The White House made an announcement on Sunday that shocked its allies in Syria. President Donald Trump's administration announced that Turkish forces would soon move into portions of northern Syria which are currently controlled by Kurdish groups, and that US troops in the area would step aside.

While the Kurds have been Washington's staunchest and most effective allies in the war against ISIS, it now appears they will be left to Turkey's mercy.

Turkey's military has begun to cross into northern Syria, the Turkish government said early Wednesday, as part of an impending offensive to move Kurdish forces away from its border.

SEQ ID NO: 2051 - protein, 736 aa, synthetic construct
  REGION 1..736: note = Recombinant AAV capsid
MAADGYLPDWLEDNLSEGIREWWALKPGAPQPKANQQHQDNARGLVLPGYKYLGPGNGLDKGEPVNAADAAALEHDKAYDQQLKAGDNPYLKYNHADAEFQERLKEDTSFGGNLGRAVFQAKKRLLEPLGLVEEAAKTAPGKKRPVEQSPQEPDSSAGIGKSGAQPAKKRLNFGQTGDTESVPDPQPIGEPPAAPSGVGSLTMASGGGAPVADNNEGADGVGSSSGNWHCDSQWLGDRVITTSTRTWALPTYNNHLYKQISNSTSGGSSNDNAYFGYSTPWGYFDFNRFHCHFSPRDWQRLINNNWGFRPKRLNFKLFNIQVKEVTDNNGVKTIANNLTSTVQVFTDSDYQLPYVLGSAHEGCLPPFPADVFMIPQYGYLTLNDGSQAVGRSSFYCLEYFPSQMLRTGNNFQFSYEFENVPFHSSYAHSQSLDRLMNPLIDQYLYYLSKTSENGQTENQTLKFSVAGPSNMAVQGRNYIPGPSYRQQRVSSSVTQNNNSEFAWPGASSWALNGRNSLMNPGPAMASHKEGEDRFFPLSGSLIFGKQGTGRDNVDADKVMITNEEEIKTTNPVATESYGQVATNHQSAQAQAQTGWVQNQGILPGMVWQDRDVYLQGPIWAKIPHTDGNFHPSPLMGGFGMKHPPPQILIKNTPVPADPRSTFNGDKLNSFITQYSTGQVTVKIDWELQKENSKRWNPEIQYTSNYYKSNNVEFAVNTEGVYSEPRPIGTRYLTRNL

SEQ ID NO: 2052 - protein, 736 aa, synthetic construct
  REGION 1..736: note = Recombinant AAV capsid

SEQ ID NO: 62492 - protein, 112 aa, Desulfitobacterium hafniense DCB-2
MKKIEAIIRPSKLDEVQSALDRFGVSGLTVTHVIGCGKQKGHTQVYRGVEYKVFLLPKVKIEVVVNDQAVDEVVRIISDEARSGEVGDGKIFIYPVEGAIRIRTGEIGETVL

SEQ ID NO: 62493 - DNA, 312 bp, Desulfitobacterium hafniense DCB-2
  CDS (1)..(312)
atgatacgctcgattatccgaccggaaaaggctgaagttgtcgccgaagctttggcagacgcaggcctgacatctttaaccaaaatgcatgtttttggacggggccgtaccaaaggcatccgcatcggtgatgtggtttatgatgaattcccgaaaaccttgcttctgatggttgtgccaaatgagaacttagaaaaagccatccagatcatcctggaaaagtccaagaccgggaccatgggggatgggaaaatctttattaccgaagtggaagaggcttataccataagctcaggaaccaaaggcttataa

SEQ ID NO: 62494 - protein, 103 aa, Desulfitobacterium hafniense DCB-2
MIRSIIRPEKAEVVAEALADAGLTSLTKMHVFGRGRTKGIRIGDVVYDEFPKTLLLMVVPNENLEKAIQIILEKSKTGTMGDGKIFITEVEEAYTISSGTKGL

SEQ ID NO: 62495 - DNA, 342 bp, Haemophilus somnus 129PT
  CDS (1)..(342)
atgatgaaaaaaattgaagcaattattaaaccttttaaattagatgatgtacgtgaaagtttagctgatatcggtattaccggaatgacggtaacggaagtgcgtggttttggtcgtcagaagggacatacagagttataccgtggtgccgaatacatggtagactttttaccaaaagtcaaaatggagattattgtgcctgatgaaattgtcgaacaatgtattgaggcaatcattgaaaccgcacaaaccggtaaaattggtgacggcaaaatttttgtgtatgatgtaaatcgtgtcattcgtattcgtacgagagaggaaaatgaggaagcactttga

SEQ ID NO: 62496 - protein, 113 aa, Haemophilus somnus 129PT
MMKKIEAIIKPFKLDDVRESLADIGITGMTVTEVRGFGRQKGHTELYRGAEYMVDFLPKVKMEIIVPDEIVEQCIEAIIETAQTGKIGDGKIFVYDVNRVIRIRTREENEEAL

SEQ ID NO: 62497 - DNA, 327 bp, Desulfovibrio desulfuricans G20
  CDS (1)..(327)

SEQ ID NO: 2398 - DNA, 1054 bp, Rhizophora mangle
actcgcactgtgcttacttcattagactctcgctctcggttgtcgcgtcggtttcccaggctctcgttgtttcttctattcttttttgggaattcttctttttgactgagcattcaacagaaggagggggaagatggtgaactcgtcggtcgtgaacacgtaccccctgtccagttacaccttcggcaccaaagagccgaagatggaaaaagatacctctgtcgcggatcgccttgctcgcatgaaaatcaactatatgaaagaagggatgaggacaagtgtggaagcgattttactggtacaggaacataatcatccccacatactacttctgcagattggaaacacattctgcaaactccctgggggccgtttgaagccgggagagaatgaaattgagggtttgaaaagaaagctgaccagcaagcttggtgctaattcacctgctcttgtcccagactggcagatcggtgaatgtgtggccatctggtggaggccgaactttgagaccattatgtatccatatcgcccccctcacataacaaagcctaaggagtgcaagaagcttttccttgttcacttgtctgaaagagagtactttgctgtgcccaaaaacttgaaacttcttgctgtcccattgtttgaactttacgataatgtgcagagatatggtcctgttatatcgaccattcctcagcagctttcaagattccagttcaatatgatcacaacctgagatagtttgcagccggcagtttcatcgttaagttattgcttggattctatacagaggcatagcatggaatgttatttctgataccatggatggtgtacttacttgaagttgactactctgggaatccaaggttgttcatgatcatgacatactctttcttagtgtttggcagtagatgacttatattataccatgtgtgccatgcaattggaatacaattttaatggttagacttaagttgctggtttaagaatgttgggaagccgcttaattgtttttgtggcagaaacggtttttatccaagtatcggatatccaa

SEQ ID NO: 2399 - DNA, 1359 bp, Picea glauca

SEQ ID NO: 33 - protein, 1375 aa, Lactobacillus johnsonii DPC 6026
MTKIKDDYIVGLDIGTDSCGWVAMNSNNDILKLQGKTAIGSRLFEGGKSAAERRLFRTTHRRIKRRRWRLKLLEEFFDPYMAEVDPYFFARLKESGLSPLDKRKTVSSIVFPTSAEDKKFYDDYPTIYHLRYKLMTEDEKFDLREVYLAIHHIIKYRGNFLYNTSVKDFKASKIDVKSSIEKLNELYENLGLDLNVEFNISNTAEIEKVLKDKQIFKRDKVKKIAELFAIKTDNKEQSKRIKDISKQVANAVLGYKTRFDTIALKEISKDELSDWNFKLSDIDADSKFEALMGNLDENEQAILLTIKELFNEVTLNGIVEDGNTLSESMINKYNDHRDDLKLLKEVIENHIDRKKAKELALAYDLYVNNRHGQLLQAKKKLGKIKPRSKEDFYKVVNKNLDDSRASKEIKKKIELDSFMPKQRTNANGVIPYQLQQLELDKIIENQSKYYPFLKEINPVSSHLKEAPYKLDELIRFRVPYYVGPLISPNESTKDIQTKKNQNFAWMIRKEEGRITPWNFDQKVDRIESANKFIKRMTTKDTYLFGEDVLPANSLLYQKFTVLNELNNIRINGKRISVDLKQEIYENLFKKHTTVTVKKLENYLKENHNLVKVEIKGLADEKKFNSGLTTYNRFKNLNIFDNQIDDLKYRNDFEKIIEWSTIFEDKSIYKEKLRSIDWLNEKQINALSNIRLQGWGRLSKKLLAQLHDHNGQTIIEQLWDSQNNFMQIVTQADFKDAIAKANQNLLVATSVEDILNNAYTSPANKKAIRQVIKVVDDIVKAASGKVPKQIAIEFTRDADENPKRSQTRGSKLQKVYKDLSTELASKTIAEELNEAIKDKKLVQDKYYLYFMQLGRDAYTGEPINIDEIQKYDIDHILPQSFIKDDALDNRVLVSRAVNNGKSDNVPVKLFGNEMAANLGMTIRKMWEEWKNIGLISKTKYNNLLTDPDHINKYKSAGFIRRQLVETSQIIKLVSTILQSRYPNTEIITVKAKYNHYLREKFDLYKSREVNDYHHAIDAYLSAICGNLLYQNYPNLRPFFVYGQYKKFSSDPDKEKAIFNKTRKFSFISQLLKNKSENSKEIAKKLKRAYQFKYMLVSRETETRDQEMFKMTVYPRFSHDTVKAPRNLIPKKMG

It comes after the Trump administration released a statement saying US forces "will not support or be involved in the (planned Turkish) operation" and that American troops "will no longer be in the immediate area."

As of last month, the US said about 1,000 US troops were operating in northeastern Syria. Sunday's statement did not specify if this constituted a full withdrawal of personnel from the country.

But what's behind Turkey's move to enter northern Syria? What is the potential impact of the US pull-out? And how will it impact the region's security? Here are some answers:

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